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Hydrogels have gained significant attention as ideal delivery vehicles for protein drugs. However, the use of hydrogels for protein delivery has been restricted because their porous structures inevitably cause a premature leakage of encapsulated proteins.
PEG Hydrogels in Biomedical Applications
A simple yet effective approach was recently reported to regulate the protein release kinetics of hydrogels through the creation of microstructures, which serve as a reservoir, releasing their payloads in a controlled manner. Microstructured dextran hydrogels enable burst-free sustained release of PEGylated interferon over 3 months without compromising its bioactivity.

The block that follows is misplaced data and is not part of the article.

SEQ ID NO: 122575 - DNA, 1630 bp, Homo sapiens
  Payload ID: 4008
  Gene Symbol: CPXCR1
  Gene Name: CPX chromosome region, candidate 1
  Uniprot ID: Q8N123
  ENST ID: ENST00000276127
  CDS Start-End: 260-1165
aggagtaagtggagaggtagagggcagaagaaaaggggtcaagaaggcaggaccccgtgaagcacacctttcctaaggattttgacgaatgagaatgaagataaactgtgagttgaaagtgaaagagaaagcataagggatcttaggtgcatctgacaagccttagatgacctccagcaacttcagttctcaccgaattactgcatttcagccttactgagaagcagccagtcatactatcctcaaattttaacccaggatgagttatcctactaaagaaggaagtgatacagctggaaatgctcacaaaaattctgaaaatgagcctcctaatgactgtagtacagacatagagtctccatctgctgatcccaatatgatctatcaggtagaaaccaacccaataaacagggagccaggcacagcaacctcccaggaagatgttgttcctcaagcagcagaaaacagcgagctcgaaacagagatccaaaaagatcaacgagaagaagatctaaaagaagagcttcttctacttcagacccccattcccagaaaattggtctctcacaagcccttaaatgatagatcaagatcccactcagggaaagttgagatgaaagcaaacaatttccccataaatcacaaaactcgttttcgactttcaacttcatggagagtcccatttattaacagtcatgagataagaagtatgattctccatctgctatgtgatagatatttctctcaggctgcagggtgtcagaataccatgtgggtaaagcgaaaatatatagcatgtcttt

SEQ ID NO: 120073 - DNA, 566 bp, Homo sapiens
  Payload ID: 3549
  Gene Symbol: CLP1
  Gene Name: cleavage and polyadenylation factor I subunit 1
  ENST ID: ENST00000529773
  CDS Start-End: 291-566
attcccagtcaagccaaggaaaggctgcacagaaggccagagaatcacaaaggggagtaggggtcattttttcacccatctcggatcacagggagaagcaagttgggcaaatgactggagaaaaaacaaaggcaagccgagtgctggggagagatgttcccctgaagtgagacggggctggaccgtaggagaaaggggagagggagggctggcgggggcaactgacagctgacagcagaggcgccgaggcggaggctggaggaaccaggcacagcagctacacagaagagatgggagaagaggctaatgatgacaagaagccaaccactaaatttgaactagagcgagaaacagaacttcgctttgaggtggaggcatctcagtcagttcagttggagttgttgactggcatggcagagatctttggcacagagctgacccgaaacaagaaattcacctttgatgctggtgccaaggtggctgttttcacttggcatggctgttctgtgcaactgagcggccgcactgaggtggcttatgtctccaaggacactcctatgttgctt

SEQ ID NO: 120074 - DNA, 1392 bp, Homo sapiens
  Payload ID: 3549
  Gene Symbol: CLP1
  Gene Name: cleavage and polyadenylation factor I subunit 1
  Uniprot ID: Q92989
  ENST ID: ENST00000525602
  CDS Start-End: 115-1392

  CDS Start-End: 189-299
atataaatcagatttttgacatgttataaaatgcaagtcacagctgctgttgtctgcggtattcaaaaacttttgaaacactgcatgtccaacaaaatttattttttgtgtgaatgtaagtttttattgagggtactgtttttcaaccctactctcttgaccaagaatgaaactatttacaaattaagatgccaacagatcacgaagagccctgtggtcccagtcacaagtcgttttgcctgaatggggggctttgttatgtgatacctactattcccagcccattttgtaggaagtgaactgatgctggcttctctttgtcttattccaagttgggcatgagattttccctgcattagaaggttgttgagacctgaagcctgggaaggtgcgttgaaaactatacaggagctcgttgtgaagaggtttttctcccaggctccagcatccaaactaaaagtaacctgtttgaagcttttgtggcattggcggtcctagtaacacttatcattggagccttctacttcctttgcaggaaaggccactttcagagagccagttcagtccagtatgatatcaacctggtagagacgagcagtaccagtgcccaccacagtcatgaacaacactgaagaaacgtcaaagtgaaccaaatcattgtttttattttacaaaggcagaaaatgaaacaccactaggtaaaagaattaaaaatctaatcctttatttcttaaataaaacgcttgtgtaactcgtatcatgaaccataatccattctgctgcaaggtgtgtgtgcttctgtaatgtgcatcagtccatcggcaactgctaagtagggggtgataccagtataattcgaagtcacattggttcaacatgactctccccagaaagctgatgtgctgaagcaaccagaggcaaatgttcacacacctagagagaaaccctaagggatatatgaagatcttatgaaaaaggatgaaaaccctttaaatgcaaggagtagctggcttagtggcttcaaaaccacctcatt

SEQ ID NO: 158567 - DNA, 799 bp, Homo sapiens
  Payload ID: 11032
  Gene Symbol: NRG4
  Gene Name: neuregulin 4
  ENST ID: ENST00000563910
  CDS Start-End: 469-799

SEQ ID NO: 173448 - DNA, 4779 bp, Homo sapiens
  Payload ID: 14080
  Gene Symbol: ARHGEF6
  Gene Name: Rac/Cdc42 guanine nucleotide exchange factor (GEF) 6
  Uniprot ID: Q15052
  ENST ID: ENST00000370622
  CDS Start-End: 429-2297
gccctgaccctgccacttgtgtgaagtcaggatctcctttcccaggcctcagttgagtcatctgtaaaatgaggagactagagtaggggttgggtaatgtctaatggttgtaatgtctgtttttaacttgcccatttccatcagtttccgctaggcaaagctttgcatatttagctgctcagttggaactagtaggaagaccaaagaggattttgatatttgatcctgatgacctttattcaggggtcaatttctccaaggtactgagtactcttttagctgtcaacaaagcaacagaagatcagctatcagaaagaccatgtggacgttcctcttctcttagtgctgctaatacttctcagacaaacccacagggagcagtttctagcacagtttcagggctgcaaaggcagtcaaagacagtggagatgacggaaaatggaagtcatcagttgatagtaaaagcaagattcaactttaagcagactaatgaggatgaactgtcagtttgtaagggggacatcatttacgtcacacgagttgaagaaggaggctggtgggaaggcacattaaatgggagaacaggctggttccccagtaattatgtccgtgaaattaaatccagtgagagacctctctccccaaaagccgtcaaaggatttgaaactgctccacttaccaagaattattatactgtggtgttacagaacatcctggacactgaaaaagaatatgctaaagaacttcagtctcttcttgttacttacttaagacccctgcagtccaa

These hydrogels substantially extend the circulation half-life of PEGylated interferon, allowing for less frequent dosing in a humanized mouse model of hepatitis C. This could be a very valuable method for the development of sustained protein delivery systems for a broad range of pharmaceutical and biomedical applications.